Contact US

Log In

Come Join Us!

Are you an
Engineering professional?
Join Eng-Tips Forums!
  • Talk With Other Members
  • Be Notified Of Responses
    To Your Posts
  • Keyword Search
  • One-Click Access To Your
    Favorite Forums
  • Automated Signatures
    On Your Posts
  • Best Of All, It's Free!

*Eng-Tips's functionality depends on members receiving e-mail. By joining you are opting in to receive e-mail.

Posting Guidelines

Promoting, selling, recruiting, coursework and thesis posting is forbidden.

Students Click Here

material without hysteresis

material without hysteresis

material without hysteresis

Hi everyone. can you advise me please?
I am looking for a solid material without hysteresis with a relative magnetic permeability that goes beyond unity. I don't pretend that it is on par with permalloy or mu-metal but I can be satisfied with a value that is close to 10, if it surpasses it even better.
I need it to make small toroids with enamelled copper wire intended for the creation of an ultra-precise current sensor.
Thank you .

RE: material without hysteresis

Qualified electric parts suppliers have the toroids you seek.

Don't forget, "ultra precise" requires traceable calibration!

RE: material without hysteresis

if you know they exist then why not post a link?

RE: material without hysteresis

Simple search of ferrite toroids will answer your question

RE: material without hysteresis

what makes you think that the ferrite is free from hysteresis?

RE: material without hysteresis

It all depends on the current level you intend to measure, and if AC or DC, and if AC what frequency.

All traditional magnetic materials have some level nonlinear behavior. It all depends on the intricate details of your measurement and your lab setup.

RE: material without hysteresis

if I asked for a material with magnetic permeability it means that it is AC. it doesn't work in DC.
what I wrote in the first message is clear, "without hysteresis".
I didn't write: with little hysteresis.

RE: material without hysteresis

you have answered your own question, such materials do not exist.

RE: material without hysteresis

but what you're saying ?

RE: material without hysteresis

the answer to your original post: "such materials do not exist."

RE: material without hysteresis

It's asking for a material to both be influenced by magnetism and not be altered in the slightest by magnetism.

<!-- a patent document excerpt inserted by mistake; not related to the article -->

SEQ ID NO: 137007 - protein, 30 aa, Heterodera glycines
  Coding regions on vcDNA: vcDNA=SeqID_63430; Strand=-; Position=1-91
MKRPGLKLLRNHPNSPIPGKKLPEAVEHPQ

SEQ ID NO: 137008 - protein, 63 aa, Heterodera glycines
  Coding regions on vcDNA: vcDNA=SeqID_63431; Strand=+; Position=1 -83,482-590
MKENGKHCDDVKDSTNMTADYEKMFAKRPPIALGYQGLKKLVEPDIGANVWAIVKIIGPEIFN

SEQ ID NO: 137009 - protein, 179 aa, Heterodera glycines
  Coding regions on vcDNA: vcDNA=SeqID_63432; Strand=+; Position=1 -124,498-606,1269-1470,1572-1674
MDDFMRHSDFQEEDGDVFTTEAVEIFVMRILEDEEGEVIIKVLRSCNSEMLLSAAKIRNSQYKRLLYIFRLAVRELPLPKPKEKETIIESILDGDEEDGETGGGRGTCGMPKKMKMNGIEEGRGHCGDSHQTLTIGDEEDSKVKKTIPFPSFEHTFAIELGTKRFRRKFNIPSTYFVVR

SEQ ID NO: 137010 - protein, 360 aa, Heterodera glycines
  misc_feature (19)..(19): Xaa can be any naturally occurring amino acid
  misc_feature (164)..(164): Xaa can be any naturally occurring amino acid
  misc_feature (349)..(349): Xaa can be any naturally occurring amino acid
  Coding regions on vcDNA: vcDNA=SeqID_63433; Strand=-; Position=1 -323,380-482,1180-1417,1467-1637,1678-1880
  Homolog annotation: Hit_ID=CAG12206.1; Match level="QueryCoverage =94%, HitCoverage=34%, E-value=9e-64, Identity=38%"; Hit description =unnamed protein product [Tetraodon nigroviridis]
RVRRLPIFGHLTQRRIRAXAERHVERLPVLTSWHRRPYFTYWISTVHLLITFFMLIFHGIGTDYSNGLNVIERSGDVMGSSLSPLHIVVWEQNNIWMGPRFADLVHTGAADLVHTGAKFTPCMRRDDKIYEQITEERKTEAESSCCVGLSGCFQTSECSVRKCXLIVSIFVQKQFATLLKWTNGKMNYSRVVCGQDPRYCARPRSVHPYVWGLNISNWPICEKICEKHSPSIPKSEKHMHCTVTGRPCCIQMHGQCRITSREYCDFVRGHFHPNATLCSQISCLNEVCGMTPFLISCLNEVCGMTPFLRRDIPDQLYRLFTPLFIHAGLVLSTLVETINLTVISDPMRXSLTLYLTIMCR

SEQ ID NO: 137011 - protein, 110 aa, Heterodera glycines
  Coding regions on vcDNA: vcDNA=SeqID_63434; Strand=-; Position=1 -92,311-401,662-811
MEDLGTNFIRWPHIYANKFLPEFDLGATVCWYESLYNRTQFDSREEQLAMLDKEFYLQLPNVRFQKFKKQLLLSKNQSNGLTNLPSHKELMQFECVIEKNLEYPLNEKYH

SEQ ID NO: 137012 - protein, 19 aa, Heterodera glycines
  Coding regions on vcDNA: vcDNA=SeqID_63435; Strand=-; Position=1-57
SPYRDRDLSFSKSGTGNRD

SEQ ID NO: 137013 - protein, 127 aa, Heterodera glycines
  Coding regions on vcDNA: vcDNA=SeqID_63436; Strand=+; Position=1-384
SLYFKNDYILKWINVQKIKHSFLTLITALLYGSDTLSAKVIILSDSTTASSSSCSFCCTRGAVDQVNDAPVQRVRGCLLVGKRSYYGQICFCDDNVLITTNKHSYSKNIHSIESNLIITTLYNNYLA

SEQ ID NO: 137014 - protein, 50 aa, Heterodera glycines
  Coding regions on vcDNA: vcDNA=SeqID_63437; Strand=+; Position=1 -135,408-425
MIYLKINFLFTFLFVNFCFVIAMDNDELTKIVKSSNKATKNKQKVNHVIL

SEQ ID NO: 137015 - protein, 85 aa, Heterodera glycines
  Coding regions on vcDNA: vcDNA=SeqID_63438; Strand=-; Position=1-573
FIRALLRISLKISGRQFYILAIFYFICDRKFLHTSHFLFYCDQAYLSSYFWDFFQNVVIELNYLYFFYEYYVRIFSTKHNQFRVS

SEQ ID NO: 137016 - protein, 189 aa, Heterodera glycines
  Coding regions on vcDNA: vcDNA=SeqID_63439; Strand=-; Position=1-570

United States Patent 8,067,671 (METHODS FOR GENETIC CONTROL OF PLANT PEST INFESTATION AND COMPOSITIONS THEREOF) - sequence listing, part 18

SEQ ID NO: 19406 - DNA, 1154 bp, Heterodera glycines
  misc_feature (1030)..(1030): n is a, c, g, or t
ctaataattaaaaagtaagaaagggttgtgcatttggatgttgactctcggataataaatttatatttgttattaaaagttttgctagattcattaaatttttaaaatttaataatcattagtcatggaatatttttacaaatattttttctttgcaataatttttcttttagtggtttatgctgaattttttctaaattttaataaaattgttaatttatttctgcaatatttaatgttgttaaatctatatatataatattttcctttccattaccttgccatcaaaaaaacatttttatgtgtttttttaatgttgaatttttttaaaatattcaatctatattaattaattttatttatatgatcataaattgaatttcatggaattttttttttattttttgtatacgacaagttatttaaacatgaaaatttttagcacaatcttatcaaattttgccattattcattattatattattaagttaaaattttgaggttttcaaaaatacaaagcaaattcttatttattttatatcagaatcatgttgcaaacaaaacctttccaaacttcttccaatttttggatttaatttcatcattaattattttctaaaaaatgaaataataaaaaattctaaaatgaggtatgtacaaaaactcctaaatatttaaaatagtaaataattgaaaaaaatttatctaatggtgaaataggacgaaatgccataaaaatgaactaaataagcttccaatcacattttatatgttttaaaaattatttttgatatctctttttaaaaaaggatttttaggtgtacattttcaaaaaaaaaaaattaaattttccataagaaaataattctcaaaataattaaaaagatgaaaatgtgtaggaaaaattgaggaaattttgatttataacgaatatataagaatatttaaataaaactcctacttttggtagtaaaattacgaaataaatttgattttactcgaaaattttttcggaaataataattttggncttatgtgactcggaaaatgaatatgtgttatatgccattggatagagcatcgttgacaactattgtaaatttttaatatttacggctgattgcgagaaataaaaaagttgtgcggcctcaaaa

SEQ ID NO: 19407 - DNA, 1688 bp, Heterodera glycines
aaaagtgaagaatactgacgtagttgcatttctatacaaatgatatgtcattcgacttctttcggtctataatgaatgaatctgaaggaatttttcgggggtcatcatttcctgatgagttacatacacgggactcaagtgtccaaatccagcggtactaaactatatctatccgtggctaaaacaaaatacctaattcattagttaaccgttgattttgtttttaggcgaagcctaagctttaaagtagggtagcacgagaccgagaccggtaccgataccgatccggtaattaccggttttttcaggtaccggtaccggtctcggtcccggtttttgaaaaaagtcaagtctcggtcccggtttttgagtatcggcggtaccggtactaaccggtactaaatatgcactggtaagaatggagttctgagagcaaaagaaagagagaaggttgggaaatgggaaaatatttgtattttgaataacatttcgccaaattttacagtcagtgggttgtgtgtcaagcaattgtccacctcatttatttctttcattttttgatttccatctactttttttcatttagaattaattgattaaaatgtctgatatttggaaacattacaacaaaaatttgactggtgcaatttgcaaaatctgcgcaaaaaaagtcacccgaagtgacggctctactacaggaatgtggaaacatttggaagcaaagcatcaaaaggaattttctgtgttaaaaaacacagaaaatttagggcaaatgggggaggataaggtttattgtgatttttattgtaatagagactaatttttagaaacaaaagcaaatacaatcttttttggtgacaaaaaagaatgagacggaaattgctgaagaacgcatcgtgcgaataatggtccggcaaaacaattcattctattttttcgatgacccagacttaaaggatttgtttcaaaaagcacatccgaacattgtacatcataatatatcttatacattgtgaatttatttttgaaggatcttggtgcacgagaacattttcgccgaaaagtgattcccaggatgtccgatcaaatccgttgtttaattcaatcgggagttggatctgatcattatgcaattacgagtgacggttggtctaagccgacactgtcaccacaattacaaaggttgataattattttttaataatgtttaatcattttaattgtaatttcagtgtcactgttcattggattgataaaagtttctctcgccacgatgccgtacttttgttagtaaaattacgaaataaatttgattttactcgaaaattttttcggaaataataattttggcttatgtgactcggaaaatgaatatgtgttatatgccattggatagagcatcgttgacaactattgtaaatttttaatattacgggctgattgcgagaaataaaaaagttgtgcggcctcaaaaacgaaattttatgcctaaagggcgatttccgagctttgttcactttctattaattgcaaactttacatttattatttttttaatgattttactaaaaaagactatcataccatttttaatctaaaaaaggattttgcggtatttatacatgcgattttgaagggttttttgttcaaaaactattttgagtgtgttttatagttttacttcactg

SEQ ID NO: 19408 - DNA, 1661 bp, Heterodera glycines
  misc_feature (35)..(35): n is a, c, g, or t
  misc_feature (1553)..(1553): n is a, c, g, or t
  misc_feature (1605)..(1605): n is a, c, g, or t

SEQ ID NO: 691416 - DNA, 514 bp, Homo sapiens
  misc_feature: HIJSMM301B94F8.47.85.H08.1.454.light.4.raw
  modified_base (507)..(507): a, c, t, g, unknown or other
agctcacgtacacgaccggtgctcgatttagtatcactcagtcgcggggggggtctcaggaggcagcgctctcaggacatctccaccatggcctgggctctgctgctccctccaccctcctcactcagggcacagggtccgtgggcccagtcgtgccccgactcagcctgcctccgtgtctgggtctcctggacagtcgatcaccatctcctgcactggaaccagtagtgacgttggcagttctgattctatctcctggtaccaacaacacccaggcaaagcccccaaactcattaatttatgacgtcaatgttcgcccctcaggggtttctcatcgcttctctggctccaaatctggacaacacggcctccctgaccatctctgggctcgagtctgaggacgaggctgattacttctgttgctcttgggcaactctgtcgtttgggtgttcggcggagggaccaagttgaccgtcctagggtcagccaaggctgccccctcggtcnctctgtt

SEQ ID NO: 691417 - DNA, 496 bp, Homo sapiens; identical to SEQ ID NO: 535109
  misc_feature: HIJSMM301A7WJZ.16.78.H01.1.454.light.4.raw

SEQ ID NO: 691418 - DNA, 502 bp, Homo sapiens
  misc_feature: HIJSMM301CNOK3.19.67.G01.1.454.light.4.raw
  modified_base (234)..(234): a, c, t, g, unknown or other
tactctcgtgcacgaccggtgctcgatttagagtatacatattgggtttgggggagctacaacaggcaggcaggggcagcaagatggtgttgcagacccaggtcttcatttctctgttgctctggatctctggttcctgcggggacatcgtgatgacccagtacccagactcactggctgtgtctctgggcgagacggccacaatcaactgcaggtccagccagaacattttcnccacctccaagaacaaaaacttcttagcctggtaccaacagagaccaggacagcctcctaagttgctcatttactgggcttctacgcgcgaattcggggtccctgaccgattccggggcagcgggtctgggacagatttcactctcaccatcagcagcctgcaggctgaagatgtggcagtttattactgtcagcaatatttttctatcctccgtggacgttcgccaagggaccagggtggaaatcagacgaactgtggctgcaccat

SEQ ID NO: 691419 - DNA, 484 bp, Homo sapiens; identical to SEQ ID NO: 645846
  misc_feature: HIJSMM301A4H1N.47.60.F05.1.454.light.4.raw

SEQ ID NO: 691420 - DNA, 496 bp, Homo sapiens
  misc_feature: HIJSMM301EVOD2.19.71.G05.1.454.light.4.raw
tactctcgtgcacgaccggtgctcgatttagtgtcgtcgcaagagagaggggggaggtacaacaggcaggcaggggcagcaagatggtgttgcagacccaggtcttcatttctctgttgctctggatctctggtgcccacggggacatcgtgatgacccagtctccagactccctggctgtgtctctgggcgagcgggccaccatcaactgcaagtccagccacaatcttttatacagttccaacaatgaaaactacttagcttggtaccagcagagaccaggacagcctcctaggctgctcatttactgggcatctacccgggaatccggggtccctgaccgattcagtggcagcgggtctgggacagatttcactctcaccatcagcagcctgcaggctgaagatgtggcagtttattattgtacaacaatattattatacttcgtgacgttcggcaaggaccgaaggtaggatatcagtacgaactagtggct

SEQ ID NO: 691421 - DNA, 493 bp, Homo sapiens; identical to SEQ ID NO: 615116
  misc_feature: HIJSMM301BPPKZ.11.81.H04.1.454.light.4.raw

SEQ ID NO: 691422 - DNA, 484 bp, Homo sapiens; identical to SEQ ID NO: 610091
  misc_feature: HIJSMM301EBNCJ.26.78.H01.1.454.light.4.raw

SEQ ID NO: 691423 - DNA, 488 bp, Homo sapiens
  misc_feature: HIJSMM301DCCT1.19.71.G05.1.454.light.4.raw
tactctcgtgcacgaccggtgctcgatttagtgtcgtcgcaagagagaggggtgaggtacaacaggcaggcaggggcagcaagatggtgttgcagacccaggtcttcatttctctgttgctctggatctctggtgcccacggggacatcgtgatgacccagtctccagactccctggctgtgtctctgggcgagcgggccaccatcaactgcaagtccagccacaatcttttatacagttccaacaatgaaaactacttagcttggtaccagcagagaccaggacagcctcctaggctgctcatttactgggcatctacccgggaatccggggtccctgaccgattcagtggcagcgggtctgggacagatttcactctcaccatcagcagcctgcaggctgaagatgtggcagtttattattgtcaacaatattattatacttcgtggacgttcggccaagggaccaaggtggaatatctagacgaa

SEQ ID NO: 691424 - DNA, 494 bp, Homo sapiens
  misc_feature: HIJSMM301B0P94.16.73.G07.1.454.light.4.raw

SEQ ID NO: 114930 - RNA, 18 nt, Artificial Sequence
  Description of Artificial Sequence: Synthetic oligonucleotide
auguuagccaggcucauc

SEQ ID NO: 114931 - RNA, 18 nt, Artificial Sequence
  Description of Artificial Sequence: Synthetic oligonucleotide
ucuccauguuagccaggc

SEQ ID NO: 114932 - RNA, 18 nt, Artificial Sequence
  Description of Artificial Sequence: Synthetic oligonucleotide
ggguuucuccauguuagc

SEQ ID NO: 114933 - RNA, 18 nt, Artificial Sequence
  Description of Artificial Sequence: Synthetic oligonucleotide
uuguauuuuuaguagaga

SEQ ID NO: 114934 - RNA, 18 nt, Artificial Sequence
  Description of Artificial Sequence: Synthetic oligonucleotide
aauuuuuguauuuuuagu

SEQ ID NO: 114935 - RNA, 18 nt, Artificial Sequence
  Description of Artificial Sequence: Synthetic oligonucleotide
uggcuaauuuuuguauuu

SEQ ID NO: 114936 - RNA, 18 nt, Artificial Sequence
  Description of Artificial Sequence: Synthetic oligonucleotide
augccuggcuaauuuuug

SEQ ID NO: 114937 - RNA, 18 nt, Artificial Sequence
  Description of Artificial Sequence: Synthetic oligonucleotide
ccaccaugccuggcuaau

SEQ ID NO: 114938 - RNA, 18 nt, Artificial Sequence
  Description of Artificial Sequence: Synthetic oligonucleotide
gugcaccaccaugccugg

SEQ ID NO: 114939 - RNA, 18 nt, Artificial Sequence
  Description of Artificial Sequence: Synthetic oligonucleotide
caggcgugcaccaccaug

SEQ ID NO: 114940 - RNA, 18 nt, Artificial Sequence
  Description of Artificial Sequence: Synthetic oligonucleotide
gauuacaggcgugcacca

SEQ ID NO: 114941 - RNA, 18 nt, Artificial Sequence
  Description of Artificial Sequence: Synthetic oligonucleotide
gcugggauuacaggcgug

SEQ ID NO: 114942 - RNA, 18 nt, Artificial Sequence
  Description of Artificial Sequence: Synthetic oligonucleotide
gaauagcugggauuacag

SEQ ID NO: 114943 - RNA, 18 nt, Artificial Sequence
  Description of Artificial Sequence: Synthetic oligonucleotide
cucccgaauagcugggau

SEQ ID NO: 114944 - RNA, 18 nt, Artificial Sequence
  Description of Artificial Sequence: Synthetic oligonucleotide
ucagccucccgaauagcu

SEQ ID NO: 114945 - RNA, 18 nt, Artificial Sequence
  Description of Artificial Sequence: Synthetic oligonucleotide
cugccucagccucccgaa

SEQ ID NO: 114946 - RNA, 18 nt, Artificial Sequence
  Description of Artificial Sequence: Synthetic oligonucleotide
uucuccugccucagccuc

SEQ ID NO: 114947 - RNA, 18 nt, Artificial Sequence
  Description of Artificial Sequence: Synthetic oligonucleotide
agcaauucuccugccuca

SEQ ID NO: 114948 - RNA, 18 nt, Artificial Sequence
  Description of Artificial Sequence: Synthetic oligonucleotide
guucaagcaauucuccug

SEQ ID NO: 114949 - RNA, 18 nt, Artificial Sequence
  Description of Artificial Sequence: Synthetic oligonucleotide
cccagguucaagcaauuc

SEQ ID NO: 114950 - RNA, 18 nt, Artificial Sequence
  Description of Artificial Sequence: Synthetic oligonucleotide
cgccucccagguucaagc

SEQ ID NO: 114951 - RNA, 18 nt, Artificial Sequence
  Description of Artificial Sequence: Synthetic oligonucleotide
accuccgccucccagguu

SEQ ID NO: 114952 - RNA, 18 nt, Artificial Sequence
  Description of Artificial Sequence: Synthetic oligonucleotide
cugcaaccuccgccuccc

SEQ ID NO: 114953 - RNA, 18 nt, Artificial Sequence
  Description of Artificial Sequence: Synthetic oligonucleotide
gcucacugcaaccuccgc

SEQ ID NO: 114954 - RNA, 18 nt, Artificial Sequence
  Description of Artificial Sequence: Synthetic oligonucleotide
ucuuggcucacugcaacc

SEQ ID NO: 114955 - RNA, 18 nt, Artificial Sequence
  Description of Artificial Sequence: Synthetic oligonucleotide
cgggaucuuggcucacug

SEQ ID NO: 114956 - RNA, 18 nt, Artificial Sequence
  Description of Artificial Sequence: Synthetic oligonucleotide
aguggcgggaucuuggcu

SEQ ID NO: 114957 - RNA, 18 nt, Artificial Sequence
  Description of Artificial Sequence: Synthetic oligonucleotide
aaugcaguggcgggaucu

As far as I know liquid oxygen meets that requirement.

RE: material without hysteresis

Even O2 Analyzers that relied on its atomic magnetic moments.

RE: material without hysteresis

Arivel: You are looking for a superparamagnetic material. As far as I am aware, the only thing commercially available material are nanoparticles used for magnetic separation. I'm not aware of anyone selling them in bulk form suitable for a current sensor.
Here is a link to one such provider: https://www.sigmaaldrich.com/US/en/search/superpar...

RE: material without hysteresis

Unfortunately, temperature dependencies, and slight hysterisis may be a problem for the OP.

RE: material without hysteresis

OP: you like raise tough questions, do not you?

so basically you are looking for perm <10, no hysteresis, under AC? I am not aware of such exact material, but composite ferrite might be close to what you need.
Permeability is a function of B. under AC, it is a function of frequency, and it also consists of real and imaginary parts. hysteresis is a function of frequency too. Normally, the higher frequency, he bigger the hysteresis. lots of factors to take into consideration.

superparamagnetic is nothing more than the competition between thermal energy (kT) and anisotropic energy (which is proportional to volume, KuV). when it goes to nano-scale, decreased volume cannot overcome thermal activity, losing its ferromagnetic. So if the material is bulk with large volume, there does not exist superparamagnetic

RE: material without hysteresis

This might be a property of a Bose-Einstein condensate. Contact your local university physics department and ask for a couple of kilograms to experiment with. Then you just need to scale up to your volume of production. Easy

RE: material without hysteresis

For real world ferrites, the OP might consult Lax and Button dealing with ferrimagnetics.

Red Flag This Post

Please let us know here why this post is inappropriate. Reasons such as off-topic, duplicates, flames, illegal, vulgar, or students posting their homework.

Red Flag Submitted

Thank you for helping keep Eng-Tips Forums free from inappropriate posts.
The Eng-Tips staff will check this out and take appropriate action.

Reply To This Thread

Posting in the Eng-Tips forums is a member-only feature.

Click Here to join Eng-Tips and talk with other members! Already a Member? Login


Close Box

Join Eng-Tips® Today!

Join your peers on the Internet's largest technical engineering professional community.
It's easy to join and it's free.

Here's Why Members Love Eng-Tips Forums:

Register now while it's still free!

Already a member? Close this window and log in.

Join Us             Close